• Support cultural leadership by reinforcing their existing Fair Earth Living practices and celebrating their ways of living through funding their activities and sharing their stories.
  • Fund Indigenous-led movements and solutions.
  • Enable Indigenous leadership in decision-making, policy agenda-setting and implementation on climate, nature conservation and wellbeing.
  • Support continued and deepened learnings in Indigenous pathways and visions for the future.
  • Foster cross-cultural training across Indigenous knowledge systems and western systems.
  • Decolonize philanthropy and identify efforts to amplify true “reciprocity” and reconciliation based on leadership from First Nations, Metis, and Inuit nations and communities.


Enable sustainable living in cities

Cities play a leading role in addressing climate and nature action. More than half of humanity now lives in urban areas, and cities are responsible for 75% of global resource consumption and greenhouse gas emissions.

In Canada, more than 80% of the population lives in cities. Local governments shape the consumption characteristics of people who live in urban areas, In addition to transforming the built environment, land use, transport systems and infrastructure. 

The true scope of climate and nature impacts lies both within and outside a city’s physical boundaries, impacting the exchange of resources between cities and the rural hinterlands and living ecosystems that support them.

There is a growing interest in addressing consumption-based emissions and the negative ecological and social impacts of consumption of goods and services. One study cautions that to keep global temperature rise below 1.5 degrees Celsius, urban consumption-based emissions must be at least halved by 2030 (and reduced by two-thirds in high-income areas).

“It’s not enough to just cut direct emissions, we also have to cut the footprint of all the stuff that we consume.”

Lloyd Atler


Local government action requires tracking and measuring a city’s ecological and carbon footprints as well as its impact on natural ecosystems. Dr. Jennie Moore and Cora Hallsworth from the BCIT Centre for EcoCities are working on a pilot project with 10 municipalities across British Columbia mapping consumption and ecological footprints to help close gaps towards sustainability. The ecoCityFootprint Tool has been successfully piloted in BC and around the world. 

Local governments have many levers for change and have more of a direct connection to people and their daily lives than other levels of government. Local policies and regulations shape the housing, transport, food, goods and services that people consume.

Local governments can lead by example by demonstrating Fair Earth Living actions through their staff and services, and can inspire and normalize these practices by supporting the efforts of other urban stakeholders and cultural campaigns and dialogue.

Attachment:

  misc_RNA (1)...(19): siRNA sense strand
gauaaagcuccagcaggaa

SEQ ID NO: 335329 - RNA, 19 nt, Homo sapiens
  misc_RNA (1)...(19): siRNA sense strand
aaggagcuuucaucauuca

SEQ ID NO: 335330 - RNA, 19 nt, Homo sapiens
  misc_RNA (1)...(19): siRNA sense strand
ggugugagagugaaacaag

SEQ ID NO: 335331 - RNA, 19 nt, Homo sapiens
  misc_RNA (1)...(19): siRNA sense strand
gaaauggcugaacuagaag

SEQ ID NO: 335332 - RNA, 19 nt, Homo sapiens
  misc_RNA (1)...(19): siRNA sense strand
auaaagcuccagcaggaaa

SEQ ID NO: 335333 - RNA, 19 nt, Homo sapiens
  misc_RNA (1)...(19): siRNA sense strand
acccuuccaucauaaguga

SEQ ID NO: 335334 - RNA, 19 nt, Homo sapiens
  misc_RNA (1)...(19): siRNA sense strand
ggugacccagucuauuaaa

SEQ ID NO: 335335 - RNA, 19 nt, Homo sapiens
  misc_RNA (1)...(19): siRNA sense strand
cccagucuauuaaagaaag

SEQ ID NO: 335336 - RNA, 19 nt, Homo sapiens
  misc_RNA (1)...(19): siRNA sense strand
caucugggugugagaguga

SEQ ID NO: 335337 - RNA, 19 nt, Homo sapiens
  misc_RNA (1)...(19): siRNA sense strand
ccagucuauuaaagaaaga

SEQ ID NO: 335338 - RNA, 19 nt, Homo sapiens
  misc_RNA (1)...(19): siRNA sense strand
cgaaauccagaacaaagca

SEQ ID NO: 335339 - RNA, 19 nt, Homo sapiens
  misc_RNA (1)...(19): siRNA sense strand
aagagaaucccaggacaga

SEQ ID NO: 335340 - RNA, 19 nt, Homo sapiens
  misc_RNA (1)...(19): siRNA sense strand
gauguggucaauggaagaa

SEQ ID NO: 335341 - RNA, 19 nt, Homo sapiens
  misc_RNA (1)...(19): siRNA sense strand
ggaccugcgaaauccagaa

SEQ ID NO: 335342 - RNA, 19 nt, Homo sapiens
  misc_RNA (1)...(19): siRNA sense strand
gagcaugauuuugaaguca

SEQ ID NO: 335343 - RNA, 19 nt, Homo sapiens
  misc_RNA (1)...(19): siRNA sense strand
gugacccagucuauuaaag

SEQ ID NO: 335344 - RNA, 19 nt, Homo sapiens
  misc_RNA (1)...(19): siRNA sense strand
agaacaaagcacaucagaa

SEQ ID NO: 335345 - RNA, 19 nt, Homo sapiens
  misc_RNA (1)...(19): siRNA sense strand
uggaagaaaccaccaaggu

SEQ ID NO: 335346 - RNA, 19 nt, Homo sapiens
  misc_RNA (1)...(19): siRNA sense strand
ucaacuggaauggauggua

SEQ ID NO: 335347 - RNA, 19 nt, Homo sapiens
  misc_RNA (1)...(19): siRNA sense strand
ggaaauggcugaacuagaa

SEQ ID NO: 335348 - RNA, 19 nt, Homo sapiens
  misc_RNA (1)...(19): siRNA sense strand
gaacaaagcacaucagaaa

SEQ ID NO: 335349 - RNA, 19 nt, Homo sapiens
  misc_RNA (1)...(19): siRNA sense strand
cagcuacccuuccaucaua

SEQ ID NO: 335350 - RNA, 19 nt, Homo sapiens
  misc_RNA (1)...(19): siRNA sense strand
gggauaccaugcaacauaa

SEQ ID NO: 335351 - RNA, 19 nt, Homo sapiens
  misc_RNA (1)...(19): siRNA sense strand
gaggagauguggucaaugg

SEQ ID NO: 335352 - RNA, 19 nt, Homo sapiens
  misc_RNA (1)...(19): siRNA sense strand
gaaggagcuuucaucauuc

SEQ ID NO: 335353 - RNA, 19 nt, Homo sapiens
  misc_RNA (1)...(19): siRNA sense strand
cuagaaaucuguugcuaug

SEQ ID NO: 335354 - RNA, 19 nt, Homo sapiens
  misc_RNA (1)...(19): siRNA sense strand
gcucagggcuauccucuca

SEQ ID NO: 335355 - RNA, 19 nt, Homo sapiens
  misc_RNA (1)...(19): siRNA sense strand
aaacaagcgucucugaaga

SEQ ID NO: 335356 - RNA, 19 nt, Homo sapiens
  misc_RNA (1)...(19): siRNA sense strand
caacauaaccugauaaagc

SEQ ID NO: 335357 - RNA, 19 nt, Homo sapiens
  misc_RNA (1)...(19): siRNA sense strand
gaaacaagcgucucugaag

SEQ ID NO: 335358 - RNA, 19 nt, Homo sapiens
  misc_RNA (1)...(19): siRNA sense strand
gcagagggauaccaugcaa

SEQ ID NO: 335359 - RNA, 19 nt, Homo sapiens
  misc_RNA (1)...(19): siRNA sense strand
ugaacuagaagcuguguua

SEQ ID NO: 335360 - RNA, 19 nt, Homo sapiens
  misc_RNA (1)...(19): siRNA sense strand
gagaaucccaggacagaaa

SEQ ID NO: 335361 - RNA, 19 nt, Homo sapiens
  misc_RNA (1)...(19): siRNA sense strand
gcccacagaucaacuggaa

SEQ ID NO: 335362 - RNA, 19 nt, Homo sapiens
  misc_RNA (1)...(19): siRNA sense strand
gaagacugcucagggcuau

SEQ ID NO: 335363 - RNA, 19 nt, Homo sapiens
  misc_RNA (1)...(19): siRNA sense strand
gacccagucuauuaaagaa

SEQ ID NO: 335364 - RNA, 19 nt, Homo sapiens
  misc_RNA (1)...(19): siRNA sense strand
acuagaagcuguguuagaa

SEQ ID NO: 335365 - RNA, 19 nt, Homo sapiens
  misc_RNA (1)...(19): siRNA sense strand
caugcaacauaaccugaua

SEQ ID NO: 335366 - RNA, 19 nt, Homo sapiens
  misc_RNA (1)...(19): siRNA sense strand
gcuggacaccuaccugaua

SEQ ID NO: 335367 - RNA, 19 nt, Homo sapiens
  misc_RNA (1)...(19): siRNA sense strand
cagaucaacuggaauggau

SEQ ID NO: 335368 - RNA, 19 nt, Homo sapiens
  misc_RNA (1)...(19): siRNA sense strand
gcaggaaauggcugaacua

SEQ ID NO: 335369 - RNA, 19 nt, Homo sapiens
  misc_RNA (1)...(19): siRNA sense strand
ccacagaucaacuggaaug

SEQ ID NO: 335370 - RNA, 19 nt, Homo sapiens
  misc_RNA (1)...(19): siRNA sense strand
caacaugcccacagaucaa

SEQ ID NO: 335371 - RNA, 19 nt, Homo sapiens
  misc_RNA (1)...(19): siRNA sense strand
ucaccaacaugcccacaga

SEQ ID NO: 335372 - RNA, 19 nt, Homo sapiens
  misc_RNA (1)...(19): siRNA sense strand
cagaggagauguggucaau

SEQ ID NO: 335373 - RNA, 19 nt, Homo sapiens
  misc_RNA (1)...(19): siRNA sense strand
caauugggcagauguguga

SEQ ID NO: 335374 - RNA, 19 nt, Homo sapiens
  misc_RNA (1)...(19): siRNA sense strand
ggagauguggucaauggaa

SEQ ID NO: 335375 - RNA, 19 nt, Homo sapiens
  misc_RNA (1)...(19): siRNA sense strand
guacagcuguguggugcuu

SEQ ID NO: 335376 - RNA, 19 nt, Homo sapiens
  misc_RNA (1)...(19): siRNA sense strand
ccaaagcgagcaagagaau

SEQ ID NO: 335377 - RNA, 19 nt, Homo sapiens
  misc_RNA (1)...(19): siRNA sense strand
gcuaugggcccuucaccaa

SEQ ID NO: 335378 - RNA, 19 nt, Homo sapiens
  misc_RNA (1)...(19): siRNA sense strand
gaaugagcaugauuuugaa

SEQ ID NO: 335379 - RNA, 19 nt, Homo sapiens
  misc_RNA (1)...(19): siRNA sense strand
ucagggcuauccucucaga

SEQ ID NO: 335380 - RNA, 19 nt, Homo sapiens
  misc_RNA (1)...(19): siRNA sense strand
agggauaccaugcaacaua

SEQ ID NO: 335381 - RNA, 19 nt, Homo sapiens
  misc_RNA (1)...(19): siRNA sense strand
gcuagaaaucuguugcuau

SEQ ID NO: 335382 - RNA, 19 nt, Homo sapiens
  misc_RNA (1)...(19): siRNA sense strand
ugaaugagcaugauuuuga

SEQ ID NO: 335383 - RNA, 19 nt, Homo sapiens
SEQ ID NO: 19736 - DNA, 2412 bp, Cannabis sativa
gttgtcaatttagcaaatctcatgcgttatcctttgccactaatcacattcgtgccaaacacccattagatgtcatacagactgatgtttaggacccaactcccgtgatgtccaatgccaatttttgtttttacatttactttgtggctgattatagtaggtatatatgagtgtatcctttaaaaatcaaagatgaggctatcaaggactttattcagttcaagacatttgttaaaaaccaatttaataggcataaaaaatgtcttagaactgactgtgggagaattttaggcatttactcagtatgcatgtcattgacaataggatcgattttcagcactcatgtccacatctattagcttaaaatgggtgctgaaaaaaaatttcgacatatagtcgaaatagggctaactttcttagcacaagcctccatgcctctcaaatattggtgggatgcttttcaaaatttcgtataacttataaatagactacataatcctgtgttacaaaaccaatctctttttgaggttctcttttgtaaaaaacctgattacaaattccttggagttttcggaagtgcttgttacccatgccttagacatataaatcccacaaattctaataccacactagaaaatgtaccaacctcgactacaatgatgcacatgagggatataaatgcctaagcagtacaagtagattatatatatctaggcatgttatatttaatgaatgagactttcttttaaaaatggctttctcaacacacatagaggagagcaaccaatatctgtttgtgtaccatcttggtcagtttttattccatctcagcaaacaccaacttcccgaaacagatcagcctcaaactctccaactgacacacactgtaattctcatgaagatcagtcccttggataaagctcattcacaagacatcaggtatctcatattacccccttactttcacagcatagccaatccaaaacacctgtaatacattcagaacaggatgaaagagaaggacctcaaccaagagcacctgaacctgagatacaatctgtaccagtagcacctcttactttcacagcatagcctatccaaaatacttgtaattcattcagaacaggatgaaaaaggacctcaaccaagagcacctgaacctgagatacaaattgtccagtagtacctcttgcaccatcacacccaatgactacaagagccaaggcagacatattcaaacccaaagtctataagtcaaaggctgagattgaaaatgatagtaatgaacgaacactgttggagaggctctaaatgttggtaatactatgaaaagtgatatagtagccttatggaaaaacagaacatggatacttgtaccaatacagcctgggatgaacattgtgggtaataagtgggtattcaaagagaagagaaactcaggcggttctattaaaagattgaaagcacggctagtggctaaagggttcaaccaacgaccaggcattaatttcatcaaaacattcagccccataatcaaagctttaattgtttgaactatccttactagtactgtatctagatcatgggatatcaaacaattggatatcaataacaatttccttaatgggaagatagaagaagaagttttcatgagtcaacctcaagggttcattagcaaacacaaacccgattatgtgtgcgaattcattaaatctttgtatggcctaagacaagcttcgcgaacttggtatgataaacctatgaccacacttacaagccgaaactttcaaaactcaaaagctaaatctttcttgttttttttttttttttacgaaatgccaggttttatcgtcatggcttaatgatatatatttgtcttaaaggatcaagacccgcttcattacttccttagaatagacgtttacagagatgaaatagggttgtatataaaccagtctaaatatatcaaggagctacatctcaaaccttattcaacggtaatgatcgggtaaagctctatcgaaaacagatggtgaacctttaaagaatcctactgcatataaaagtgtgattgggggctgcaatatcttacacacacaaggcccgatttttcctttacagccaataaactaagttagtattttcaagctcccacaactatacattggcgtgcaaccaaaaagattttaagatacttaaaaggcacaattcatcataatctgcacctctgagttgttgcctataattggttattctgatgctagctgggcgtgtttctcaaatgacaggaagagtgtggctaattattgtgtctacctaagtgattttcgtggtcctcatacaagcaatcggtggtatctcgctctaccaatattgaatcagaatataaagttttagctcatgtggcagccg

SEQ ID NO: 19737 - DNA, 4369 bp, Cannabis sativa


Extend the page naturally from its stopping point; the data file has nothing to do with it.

• Fund consumption-based carbon emissions analysis within cities.
  • Integrate Fair Earth Living concepts into the LC3 frameworks.
  • Support local government initiatives including through policy tools and infrastructure (e.g., influence transportation and housing choices, utility services, natural, open and public spaces), through leading by example (e.g., purchasing, workplace practices, events) and influencing citizens.


Reinforce ecological interdependence and nature regeneration

We are on an unprecedented collision course with the Earth’s life-support systems. To get on a better path, we need to collectively nurture widespread contagious love for nature and our place within it. Cultivating an eco-centric worldview is central to advancing Fair Earth Living.

When we connect with nature, we feel better. In a recent study, nearly 60% of Canadians agreed that their appreciation of the outdoors increased in the wake of Covid-19 (Environics Analytics and EcoAnalytics). Before the crisis, the public and the media tended to treat the environment and public health as separate issues, but the pandemic enabled more of us to step back and consider our interdependence with other living beings and life-giving ecosystems.

Meaningful experiences in nature during childhood can lead to more conservation behaviours as adults. Research shows that the two factors that contribute most to adults taking action to benefit the Earth are: 1) positive direct experiences in nature during childhood, and 2) role models of care for nature by someone close to the child, like a parent, grandparent or other trusted guardian (Convention on Biological Diversity).

“We need acts of restoration, not only for polluted waters and degraded lands, but also for our relationship to the world. We need to restore honor to the way we live, so that when we walk through the world we don’t have to avert our eyes with shame, so that we can hold our heads up high and receive the respectful acknowledgment of the rest of the earth’s beings.”

Robin Wall Kimmerer, Braiding Sweetgrass, 2013

  • Support groups that cultivate love of nature and an eco-centric worldview that reflects our interdependence with nature – e.g., nature-based solutions and outdoor learning programs.
  • Support programming and narrative work that links health, nature and ways of living including addressing eco-anxiety and climate grief through mental health programs.